People paid attention to animal's ability to react to imminent natural dangers in ancient times already
Outstanding Russian scientists Vladimir Vernadsky proved in the middle of the past century that man's impact on the natural world of the planet had taken the scale of a geological disaster. A recent series of underwater earthquakes and the mammoth tsunami in December of 2004 showed human beings their place. “The king of the world” turned out to be helpless and defenseless against the storming nature. Furthermore, people were unable even to predict it, at least several hours in advance.
Scientists noticed, though, that the tsunami disaster of 2004 killed very few animals, whereas the number of human victims was immense – over 300,000 people. There are a lot of hypotheses to explain such a mysterious phenomenon, but people paid attention to animal's ability to react to imminent natural dangesr in ancient times already.
The first incident was documented in the year 2000 A.C. The ancient manuscript says that people noticed that weasels suddenly disappeared from their usual habitats in Crete shortly before a very powerful earthquake rocked the island.
Snakes suddenly appeared on the surface of the ground in the winter of 1975 in China. Snakes are cold-blooded animals; they hide in shelters and become dormant for winter periods. Local authorities treated such a “violation of biological norms” seriously and evacuated the residents. As it turned out later, the snakes forecast a mammoth earthquake, which was measured 7.3 on Richter scale. The history of the 20th century proves that animals possess a remarkable ability to foresee not only earthquakes, but tsunamis as well. There were incidents, when animals abandoned valleys prior to avalanching; London residents paid attention to cats and dogs' behavior before air raids during the WWII years.
A beacon worker in South India said in December of 2004 that he had seen a large flock of antelopes fleeing the coastal area towards nearest hills just several hours before the tsunami disaster. Eyewitnesses say that elephants were trumpeting, breaking chains and escaping inland in Thailand. Having a presentiment of a forthcoming natural disaster, flamingos left their lowlands and flew in the direction of mountainous areas as well. Employees of the Malaysian zoo noticed that all animals had a very strange way of behavior: the majority of zoo animals hid in their shelters and refused to go out.
The tsunami disaster killed over 30,000 people in Sri Lanka. However, almost all local elephants, deer and other wild animals survived the monstrous attack of tidal waves. It is worth mentioning that only one wild boar of 2,000 animals of an Indian reserve was killed in the 2004 tsunami disaster.
According to US biologists, 14 sharks, which were kept under regular observation for several years, had left their usual places of living 12 hours before Charlie hurricane hit Florida. The sharks disappeared in deep waters of the ocean and returned only two weeks later, although they have never left their natural habitat before.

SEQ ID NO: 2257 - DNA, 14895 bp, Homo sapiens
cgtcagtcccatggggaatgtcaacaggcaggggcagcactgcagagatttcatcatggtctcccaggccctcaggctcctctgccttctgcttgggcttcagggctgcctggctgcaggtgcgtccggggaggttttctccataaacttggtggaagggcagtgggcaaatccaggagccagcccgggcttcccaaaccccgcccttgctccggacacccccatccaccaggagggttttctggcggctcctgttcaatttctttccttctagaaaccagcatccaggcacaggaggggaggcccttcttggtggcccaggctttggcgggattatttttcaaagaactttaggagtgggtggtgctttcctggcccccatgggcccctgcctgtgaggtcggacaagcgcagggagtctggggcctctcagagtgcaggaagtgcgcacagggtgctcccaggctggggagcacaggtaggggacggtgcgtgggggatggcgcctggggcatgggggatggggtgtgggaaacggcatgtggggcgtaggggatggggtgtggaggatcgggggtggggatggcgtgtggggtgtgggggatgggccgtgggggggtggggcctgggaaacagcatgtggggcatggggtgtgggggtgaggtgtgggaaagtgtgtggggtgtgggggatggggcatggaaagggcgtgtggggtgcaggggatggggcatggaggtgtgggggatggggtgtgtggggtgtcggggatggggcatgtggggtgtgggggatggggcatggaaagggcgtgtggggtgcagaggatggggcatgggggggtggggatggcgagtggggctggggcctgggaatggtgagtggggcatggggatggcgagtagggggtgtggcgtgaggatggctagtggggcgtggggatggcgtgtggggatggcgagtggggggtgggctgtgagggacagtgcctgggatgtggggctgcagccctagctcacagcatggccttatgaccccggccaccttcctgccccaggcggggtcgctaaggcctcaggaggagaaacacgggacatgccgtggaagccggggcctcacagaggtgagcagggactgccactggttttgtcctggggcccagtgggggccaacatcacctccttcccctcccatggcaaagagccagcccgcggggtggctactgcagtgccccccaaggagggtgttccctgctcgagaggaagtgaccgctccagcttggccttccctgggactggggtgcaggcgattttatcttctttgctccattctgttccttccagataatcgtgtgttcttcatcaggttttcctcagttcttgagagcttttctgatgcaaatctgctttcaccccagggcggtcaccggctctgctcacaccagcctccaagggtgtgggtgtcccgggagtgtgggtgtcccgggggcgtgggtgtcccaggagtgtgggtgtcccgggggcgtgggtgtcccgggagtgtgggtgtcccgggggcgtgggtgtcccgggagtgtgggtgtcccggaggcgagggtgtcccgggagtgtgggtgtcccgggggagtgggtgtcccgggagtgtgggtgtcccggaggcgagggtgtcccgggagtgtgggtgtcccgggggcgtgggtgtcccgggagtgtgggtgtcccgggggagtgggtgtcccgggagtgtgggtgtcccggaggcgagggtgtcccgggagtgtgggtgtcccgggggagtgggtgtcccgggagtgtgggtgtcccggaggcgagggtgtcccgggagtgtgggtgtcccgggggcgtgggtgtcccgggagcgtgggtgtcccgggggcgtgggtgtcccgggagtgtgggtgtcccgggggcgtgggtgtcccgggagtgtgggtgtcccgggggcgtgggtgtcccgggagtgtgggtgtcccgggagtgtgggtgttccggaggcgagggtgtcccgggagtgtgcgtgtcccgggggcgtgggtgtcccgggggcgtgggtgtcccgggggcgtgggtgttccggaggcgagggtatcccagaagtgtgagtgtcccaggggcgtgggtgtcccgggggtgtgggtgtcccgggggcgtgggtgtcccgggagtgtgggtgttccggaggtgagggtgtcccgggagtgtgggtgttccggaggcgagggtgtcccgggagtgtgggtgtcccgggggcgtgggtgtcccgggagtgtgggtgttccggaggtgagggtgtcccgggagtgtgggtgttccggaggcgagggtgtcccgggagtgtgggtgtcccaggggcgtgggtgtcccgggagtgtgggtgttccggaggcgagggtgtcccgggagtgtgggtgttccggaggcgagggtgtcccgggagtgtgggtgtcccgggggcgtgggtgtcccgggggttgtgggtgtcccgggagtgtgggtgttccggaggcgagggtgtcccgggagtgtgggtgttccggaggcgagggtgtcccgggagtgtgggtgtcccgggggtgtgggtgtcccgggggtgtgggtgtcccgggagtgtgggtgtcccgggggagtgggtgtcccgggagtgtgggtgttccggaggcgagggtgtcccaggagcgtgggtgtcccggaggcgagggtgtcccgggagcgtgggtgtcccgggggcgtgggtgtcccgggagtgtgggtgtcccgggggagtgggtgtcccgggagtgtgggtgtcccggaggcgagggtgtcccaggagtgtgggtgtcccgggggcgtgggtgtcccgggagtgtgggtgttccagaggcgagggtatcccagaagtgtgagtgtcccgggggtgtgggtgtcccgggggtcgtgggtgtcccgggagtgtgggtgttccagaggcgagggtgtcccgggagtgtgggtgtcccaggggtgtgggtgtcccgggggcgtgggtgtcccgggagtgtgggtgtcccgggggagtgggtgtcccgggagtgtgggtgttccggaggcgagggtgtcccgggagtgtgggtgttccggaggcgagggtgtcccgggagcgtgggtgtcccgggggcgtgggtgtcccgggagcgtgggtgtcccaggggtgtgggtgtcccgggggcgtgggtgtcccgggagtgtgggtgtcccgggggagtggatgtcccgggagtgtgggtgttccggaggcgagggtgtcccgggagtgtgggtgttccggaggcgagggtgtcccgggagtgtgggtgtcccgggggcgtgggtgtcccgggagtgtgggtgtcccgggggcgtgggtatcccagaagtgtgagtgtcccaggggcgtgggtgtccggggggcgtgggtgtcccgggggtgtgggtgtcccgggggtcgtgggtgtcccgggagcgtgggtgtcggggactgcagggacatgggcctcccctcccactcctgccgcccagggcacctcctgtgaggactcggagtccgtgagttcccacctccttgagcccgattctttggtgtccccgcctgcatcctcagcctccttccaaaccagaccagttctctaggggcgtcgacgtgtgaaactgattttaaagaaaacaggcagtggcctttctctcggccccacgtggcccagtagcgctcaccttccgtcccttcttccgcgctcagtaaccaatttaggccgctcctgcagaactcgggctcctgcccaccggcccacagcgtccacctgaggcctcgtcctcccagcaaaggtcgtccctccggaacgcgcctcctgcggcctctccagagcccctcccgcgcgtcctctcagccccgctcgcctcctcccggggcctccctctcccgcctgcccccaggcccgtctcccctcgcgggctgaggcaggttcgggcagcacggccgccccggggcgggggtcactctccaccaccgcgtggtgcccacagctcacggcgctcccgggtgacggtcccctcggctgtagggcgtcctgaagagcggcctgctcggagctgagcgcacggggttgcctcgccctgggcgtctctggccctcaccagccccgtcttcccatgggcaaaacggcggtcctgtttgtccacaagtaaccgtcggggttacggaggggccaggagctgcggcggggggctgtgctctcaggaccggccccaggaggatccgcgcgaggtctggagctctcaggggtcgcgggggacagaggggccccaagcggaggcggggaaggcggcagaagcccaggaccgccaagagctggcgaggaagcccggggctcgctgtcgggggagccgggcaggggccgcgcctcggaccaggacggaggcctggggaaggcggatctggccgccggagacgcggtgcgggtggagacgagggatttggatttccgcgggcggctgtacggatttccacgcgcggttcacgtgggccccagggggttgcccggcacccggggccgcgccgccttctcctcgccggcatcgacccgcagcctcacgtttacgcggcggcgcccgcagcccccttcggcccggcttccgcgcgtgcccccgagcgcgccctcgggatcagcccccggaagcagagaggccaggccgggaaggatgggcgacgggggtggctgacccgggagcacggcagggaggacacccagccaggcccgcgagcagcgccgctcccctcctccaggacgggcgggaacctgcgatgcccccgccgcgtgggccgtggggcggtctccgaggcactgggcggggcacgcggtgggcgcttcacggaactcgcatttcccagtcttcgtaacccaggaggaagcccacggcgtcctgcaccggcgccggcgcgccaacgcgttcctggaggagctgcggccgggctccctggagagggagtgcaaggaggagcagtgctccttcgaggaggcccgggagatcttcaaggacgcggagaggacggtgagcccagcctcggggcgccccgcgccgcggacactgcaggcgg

Animals obviously know something that humans can never comprehend or learn. The tsunami disaster of 26 December 2004 made scientists look deeper into the mystery. Researchers have already proved that different animal species living all over the world possess the surprising ability to envisage natural catastrophes.
Unlike humans, wild animals can perceive a lot more information about the world around them. Their senses are a lot better, they can sense vibrations at huge distances; even a slight change in the atmospheric pressure will not remain unnoticed for animals. Their major advantage is an ability to read and see natural warnings, which helps them avoid the storm of nature. Biologists believe that it is impossible to obtain such a capability, although the knowledge of animal instincts could bring good to people.
Scientists also noticed that wild animals have a much better reaction to imminent dangers in comparison with domestic animals. Domestic animals live under the strong influence of human culture. The latter is made of a system of rules, taboos and physiological delicacies. It is not ruled out that a human being used to be as sensitive to natural changes as wild animals are now. Ancient people probably had this animal instinct as well: perhaps they knew where to run and hide in order to save themselves from earthquakes or volcano eruptions. There is even an expression in modern language – “To have the feeling of animal fear.” The human civilization wiped off the capacity for biological indication. A human being does not have an adequate reaction to what the body registers despite the person's will.
Some people suffer from terrible pain in the joints before powerful landslides, for example. Others suffer from internal hemorrhage or high temperature, which occurs before a natural disaster without any particular reasons. Children and extrasensorial individuals are most “talented tellers” of forthcoming natural disasters in this respect.
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